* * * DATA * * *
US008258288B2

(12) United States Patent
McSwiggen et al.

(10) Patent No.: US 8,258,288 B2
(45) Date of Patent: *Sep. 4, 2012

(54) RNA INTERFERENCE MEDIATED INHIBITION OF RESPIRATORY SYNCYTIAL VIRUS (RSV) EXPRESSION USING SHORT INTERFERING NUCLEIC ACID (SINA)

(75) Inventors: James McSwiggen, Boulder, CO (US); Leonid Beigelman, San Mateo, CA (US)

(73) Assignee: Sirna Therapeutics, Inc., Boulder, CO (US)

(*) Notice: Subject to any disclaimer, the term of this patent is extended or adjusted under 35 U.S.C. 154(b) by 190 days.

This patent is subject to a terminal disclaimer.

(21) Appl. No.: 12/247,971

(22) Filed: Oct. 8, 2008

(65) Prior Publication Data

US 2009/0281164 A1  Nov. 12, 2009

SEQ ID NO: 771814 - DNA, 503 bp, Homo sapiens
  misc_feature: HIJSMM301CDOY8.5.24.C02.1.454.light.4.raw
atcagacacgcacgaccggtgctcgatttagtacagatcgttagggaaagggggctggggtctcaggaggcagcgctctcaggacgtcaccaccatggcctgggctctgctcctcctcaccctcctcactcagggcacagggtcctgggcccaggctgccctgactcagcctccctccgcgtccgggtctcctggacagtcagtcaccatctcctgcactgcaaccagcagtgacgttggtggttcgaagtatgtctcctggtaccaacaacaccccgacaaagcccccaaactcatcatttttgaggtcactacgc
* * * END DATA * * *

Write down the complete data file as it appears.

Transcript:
US008258288B2

(12) United States Patent
McSwiggen et al.

(10) Patent No.: US 8,258,288 B2
(45) Date of Patent: *Sep. 4, 2012

(54) RNA INTERFERENCE MEDIATED INHIBITION OF RESPIRATORY SYNCYTIAL VIRUS (RSV) EXPRESSION USING SHORT INTERFERING NUCLEIC ACID (SINA)

(75) Inventors: James McSwiggen, Boulder, CO (US); Leonid Beigelman, San Mateo, CA (US)

(73) Assignee: Sirna Therapeutics, Inc., Boulder, CO (US)

(*) Notice: Subject to any disclaimer, the term of this patent is extended or adjusted under 35 U.S.C. 154(b) by 190 days.

This patent is subject to a terminal disclaimer.

(21) Appl. No.: 12/247,971

(22) Filed: Oct. 8, 2008

(65) Prior Publication Data

US 2009/0281164 A1  Nov. 12, 2009

SEQ ID NO: 771814 - DNA, 503 bp, Homo sapiens
  misc_feature: HIJSMM301CDOY8.5.24.C02.1.454.light.4.raw
atcagacacgcacgaccggtgctcgatttagtacagatcgttagggaaagggggctggggtctcaggaggcagcgctctcaggacgtcaccaccatggcctgggctctgctcctcctcaccctcctcactcagggcacagggtcctgggcccaggctgccctgactcagcctccctccgcgtccgggtctcctggacagtcagtcaccatctcctgcactgcaaccagcagtgacgttggtggttcgaagtatgtctcctggtaccaacaacaccccgacaaagcccccaaactcatcatttttgaggtcactacgc